Two weeks ago Kepler gave us its first probable earth-like world orbiting the habitable zone of a sun-like star. This week it’s not one but two, count ’em two, small and probably rocky worlds. And these guys are tiny by exoplanetary standards:
(AstronomyNow) — A rocky exoplanet smaller than Earth, and its neighbouring Earth-sized world with a thick water-vapour atmosphere, have been detected around a Sun-like star already known to host three larger planets.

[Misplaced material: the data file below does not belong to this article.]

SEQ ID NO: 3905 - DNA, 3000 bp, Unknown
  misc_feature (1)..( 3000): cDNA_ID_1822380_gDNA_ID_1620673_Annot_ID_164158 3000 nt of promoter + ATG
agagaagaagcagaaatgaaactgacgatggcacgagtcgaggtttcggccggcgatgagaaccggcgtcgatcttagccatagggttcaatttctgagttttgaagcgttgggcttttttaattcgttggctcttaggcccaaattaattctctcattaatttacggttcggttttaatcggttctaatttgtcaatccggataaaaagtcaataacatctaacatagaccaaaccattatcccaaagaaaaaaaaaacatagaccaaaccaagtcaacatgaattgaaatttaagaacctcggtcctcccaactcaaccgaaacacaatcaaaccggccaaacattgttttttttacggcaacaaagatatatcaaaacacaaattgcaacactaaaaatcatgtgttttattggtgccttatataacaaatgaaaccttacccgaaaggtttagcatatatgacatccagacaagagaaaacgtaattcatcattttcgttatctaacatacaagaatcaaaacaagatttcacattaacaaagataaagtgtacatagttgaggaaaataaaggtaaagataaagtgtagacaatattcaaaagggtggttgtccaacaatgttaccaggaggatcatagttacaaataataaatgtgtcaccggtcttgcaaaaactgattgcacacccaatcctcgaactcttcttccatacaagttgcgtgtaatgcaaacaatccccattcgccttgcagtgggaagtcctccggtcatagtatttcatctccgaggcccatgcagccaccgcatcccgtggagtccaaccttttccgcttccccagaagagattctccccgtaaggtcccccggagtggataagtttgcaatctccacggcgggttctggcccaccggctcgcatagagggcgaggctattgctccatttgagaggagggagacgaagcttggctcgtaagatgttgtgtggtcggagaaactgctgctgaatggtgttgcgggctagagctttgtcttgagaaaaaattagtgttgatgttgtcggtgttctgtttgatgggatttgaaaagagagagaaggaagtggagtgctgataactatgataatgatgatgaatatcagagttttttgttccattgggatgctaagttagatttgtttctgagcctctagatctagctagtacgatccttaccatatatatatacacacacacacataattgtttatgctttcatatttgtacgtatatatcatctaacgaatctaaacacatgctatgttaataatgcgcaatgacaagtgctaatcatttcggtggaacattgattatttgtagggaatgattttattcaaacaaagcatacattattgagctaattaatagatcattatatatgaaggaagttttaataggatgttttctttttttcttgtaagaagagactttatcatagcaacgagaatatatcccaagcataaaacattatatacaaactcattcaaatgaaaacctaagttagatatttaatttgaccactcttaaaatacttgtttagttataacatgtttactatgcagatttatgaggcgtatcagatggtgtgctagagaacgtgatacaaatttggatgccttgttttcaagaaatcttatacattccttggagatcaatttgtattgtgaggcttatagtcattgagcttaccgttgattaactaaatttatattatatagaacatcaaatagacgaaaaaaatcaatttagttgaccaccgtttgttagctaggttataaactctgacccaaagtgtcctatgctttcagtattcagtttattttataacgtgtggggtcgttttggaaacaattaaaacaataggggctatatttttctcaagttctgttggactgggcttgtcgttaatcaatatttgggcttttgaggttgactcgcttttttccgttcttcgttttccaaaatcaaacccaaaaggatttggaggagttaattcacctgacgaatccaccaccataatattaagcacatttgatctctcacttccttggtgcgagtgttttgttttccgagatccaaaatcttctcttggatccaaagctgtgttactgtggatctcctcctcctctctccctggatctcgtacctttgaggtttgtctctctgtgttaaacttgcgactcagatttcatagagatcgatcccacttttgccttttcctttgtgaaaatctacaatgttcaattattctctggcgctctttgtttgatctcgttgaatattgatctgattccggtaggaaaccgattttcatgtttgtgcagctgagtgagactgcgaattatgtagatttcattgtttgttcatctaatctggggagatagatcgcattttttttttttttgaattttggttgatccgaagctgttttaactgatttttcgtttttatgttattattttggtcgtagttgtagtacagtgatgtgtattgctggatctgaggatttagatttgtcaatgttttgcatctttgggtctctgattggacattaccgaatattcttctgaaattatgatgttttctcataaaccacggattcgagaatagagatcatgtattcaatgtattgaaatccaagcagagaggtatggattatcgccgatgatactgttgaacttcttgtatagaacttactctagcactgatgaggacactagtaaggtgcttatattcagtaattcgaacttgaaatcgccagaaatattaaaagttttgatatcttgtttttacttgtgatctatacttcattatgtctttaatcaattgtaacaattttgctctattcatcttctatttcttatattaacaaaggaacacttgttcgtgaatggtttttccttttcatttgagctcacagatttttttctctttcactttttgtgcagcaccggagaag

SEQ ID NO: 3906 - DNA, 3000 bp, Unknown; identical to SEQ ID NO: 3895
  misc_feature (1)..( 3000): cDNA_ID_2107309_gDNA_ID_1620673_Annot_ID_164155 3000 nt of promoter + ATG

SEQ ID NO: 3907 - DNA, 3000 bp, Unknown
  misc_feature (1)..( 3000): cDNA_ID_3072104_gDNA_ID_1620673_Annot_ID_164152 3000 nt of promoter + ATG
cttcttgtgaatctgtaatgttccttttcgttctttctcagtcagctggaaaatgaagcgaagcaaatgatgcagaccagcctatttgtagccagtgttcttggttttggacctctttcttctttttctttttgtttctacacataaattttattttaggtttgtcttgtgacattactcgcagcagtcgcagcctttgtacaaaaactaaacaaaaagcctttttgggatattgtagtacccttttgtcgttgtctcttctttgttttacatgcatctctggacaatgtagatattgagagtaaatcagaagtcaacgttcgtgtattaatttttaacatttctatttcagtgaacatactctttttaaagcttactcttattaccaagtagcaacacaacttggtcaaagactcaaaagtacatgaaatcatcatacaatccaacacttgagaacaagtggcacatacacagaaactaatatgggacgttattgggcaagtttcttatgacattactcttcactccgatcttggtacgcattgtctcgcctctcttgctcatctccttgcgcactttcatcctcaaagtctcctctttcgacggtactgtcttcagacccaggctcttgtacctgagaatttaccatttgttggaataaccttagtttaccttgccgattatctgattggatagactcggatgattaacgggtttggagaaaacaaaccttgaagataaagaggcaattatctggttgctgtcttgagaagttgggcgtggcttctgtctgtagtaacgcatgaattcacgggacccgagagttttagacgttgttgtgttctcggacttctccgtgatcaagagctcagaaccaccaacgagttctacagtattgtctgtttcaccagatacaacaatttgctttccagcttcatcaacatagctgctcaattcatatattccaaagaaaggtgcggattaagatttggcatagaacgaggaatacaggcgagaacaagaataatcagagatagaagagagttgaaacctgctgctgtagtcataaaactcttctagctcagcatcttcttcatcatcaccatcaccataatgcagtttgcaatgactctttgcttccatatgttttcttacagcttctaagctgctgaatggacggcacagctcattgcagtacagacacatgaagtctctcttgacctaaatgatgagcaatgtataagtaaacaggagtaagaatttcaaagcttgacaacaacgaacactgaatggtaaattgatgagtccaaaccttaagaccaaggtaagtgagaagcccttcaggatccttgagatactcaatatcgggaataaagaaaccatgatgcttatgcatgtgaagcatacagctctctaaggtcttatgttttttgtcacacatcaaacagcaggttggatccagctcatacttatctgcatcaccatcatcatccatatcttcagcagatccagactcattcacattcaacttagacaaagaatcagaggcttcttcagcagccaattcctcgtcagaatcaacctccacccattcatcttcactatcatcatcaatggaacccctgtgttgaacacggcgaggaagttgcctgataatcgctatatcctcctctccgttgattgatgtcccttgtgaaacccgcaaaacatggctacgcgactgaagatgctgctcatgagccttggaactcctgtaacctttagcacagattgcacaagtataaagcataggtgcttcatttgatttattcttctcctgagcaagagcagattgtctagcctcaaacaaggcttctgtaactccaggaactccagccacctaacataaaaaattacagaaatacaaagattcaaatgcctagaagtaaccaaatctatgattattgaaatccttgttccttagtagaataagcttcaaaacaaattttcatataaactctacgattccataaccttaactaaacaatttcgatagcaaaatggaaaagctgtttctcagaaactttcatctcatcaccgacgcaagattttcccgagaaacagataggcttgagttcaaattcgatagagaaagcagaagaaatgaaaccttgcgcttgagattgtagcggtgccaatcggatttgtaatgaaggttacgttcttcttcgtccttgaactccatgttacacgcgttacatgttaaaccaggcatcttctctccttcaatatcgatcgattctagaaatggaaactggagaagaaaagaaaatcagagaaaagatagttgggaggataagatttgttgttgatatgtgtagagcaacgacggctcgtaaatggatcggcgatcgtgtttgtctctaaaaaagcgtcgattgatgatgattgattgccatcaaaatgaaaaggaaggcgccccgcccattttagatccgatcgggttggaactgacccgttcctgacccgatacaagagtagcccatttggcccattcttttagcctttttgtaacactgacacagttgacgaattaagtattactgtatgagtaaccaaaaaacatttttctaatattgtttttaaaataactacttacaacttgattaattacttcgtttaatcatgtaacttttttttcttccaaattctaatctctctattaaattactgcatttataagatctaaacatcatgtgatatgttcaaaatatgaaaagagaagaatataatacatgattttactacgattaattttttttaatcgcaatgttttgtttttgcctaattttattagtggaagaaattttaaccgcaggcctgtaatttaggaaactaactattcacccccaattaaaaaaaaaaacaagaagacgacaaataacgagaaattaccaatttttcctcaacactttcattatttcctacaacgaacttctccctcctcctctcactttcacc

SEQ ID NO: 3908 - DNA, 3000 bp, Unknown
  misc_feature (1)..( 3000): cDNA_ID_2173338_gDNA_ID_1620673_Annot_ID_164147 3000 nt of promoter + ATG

The planets were detected by NASA’s Kepler spacecraft, which watches for tiny dips in brightness of thousands of stars as a planet transits in front of them, temporarily blocking out a miniscule fraction of their light. One of the new planets identified around 1,000 light year distant Kepler-20 – Kepler-20f – has a radius almost identical to Earth at 1.03 Earth radii, and the other is just 0.87 Earth radii – smaller also than planet Venus – and is the smallest exoplanet ever identified around a Sun-like star.